Since I was in Austin on a business trip, my wife received her Tesla Model 3 with the Full Self Driving computer Tuesday morning without me. She drove it to work and lunch and gave her mother and father and colleagues a ride in it on one of the main two streets in Ruidoso, NM.
I drove the car around on that same street a few times yesterday when I got the chance to drive it. I put the car in cruise control as I drove around. The car’s display showed our Model 3 going through gray bars to indicate the lanes on the road. If you didn’t turn the wheel as the car veered off the main road, an alarm would sound, the steering wheel would haptic response you as the car would help you turn a little bit. Just like the helpful driving feature in most high end car systems. That’s fine and all. Meanwhile, it’s also pretty incredible how the car would stop itself and accelerate by itself when in traffic or at a stoplight when in cruise control mode.
The way Tesla’s autonomous driving technology works is that it uses mostly GPS and cameras and radars to guide you. It also requires data gathered from Tesla’s fleet of cars on the road to teach its neural network some further guidance and patterns in the roads.
When I started turning on the Full Self Driving feature on my drives around Ruidoso’s main streets yesterday and the car chimed and the lanes on the road on the car’s display suddenly turned blue. The car told me to keep my hands on the wheel, but quite honestly I probably didn’t need to any more. I plugged in my wife’s office address and the car took us to the turn off where I took over. We went through a main street on Ruidoso where the speed limit varies from 25 to 45 mph with numerous traffic lights, intersections and changes from two to four lanes and back again. Several times on those lane convergences, the traffic has been relatively tight with cars merging together at 30 to 40 mph, and — as I kept my hands on the wheel and remained vigilant and ready to take completely over again if the car’s handling of the situation got worrisome — the Tesla FSD has handled every one of those interactions in ways that felt every bit as a smart safe drive would. And the first few times the car takes over and is handling all this stressful driving for you, your mind is completely blown. I mean, you just can’t believe that the car can do this as well as you can. But it is!
On the main roads in Ruidoso and on the highways around Ruidoso, I am shocked to realize that I actually feel much safer knowing that the Tesla’s doing most of the driving. I’m just assisting, really. And given that I’m an admittedly terrible driver, I feel much more confident that I’m not going to get pulled over for not paying attention to the speed limit or taking a curve too fast or something when the Tesla’s FSD is on.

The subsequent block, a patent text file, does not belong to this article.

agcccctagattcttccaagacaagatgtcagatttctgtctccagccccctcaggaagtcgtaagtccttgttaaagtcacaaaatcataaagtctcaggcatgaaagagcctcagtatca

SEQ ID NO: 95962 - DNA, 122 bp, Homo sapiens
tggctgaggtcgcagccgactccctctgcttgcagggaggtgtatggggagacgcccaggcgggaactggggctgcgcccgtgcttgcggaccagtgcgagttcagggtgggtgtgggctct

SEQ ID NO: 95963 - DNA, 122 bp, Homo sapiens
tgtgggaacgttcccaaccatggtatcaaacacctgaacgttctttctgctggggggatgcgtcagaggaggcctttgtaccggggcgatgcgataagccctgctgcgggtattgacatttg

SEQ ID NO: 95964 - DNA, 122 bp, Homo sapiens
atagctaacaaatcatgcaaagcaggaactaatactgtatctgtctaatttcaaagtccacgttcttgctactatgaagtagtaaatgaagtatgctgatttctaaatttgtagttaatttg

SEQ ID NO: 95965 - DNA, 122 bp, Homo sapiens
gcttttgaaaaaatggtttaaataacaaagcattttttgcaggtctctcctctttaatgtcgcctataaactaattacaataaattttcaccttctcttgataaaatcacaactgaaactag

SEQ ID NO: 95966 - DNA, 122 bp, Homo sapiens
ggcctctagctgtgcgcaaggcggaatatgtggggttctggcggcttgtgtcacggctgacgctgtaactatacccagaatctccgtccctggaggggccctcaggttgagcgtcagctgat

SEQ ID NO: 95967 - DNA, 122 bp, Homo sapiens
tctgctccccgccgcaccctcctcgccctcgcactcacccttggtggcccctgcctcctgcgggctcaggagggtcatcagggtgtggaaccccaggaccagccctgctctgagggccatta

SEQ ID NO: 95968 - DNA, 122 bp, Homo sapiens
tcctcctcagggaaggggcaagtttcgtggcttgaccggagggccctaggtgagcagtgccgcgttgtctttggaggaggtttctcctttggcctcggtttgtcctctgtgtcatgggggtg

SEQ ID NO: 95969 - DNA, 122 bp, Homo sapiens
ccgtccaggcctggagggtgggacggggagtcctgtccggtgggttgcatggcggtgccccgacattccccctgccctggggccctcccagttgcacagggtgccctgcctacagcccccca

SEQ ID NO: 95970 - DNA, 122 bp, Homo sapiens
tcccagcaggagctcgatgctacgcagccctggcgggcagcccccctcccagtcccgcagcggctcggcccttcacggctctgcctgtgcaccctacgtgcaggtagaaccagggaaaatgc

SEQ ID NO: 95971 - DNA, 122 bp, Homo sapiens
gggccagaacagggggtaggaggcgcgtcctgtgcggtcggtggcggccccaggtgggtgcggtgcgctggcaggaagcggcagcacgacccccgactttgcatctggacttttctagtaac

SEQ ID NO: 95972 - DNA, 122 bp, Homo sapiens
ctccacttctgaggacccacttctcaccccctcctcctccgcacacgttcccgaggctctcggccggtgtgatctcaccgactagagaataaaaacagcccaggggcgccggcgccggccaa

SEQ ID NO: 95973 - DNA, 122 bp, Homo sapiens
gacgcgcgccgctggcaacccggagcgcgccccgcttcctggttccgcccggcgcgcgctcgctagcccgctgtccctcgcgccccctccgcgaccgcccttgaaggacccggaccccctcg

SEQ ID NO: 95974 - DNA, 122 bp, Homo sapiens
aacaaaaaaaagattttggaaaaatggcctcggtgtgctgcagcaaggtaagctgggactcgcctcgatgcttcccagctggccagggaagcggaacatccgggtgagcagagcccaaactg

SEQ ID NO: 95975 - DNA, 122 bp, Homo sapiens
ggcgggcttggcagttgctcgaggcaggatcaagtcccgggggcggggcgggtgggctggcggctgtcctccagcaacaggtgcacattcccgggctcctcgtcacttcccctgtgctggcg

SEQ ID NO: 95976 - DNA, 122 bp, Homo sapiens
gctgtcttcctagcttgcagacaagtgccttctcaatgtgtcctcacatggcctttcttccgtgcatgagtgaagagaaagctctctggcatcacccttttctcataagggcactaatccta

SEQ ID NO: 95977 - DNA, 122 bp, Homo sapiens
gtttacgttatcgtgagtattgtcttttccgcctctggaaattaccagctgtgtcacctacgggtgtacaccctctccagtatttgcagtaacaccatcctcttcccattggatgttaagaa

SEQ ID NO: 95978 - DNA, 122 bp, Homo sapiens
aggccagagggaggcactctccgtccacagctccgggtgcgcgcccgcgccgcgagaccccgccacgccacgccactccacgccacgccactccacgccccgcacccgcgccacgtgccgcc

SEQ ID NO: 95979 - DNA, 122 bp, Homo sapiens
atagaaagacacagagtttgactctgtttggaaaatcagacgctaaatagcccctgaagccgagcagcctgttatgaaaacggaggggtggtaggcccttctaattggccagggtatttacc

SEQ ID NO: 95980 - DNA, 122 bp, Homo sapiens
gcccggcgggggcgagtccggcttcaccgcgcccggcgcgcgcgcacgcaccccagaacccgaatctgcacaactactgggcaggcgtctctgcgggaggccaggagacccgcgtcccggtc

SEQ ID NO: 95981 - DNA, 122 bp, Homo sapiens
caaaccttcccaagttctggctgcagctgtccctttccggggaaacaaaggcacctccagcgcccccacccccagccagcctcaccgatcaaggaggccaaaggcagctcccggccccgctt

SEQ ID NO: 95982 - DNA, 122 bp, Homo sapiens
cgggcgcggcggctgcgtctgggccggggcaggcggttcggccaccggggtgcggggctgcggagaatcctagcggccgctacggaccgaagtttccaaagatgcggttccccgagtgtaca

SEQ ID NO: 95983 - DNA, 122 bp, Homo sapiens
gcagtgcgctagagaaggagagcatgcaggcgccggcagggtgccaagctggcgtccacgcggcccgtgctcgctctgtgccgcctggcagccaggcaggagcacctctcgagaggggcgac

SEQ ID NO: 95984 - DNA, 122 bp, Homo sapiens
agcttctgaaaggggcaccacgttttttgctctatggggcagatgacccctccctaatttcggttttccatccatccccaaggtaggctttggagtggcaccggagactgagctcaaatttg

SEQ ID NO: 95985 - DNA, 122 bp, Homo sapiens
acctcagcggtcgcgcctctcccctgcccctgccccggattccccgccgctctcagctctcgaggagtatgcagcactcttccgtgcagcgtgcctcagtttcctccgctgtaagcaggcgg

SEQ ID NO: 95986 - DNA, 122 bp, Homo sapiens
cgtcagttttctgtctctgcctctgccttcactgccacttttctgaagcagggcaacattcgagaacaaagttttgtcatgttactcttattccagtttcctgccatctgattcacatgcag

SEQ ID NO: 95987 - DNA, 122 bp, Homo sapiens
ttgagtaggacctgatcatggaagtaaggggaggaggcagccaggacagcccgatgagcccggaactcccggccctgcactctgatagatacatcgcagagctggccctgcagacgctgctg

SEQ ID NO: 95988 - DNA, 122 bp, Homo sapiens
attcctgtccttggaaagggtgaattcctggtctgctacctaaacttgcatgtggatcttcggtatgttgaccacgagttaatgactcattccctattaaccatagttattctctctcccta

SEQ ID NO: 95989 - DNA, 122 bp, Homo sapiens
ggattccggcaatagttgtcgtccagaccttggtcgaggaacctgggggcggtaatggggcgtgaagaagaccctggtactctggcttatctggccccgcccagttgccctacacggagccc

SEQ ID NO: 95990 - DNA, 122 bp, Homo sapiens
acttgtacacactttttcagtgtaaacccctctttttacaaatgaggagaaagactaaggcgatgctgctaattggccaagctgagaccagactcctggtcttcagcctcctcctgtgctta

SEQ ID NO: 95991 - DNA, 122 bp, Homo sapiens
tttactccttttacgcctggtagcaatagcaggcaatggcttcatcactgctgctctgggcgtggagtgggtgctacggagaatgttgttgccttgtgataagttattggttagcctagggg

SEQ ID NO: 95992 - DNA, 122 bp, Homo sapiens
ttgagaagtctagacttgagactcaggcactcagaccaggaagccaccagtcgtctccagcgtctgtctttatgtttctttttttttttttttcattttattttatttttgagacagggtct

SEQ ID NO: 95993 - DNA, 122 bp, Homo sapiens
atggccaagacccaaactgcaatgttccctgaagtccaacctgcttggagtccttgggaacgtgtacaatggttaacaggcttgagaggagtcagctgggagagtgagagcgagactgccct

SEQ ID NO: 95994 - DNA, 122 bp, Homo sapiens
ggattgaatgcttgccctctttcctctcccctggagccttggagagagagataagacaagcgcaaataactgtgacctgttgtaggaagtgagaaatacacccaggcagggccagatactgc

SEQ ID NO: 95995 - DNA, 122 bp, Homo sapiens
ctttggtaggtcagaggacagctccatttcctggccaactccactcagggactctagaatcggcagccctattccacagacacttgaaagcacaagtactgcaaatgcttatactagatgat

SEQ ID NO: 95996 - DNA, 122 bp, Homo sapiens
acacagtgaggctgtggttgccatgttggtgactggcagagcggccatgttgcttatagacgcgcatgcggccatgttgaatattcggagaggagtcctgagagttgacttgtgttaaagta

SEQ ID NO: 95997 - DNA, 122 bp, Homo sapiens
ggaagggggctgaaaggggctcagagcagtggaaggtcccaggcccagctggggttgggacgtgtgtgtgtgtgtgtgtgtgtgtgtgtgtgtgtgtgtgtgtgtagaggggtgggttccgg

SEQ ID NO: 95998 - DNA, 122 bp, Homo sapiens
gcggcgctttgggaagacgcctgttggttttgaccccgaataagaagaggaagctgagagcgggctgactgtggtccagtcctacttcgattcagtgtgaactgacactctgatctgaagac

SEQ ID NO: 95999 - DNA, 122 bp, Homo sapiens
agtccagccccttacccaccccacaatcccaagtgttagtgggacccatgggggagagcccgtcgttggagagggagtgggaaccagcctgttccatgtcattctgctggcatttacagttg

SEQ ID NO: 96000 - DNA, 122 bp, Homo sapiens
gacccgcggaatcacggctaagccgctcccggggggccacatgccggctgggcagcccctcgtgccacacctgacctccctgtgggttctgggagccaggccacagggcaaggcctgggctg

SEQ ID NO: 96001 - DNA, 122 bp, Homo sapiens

We got a new update in the car just last night that says it will start handling some traffic lights. I tested it this morning and it didn’t quite work, so I simply braked the car for the car and took over from the system which was sort of like taking over from a car in cruise control when you approach a red light anyway in this case. When I did that action by the way, Tesla’s neural network is learning from it and will continually improve itself from that data.
We were the first people in NM to get insurance from State Farm on a Tesla Model 3 apparently, because they had to manually input the model into their system when we ordered car insurance for it. We’ll obviously be switching our insurance to Tesla to save money when they start offering it next month. And think about how the insurance model works — you take a ton of money in up front each month (providing much needed cash to Tesla) and paying out claims in the future.
Did I mention the car is the by far the fastest and best handling car I’ve ever owned? It’s whiplash fast if you really punch it and handles every corner with comfort. Speaking of comfort, the front seats are couch-like and leg room exceedingly ample. The backseat is fine.
If you ever spend more than $35,000 on a new car that’s not a Tesla again, you’ll regret it. The thing’s a fricking space ship from the future. Not to mention that when you buy a Tesla you potentially save hundreds of gas monthly (my wife sure will). In a year or three, you’ll be able to let it create income for you as a robotaxi when you’re not using it. And it’s an ever-improving, ever updating computer on wheels.
As far as the stock goes, it’s been tough lately obviously. I own a bunch of Tesla and have nibbled more here in the $230s/low $240s. If the company doesn’t deliver 400,000 cars this year, the stock might still be around these levels or lower — it could be much lower if something really goes wrong, of course. If Tesla delivers more than 400,000 cars this year, the stock will be much higher. The company is trading at 1.3x next year’s sales estimates and at about 30x next year’s earnings estimates. And that would mean we’re valuing driverless, robotaxis, semis, trucks at just about $0. Don’t forget that you’ve got the new money raise and even some Tesla insurance to help fund all this.
I was obviously concerned that I might be disappointed in the Tesla car and especially in the Full Self Driving computer. I’m not. I’m every bit amazed as I hoped I would be. And as a recent skeptic turned believer, a recent bear turned buyer of TSLA, my hopes were HIGH.
My 5 year old made me take her for a drive this morning before I could leave for work. My wife and I let the car drive us around last night for a while too. It’s truly the most fun, coolest purchase I’ve made in years.
I don’t confuse loving a purchase with stock analysis. But I also don’t ignore the power of a now personally-validated Revolutionary product and technologies that are on exponential growth curves.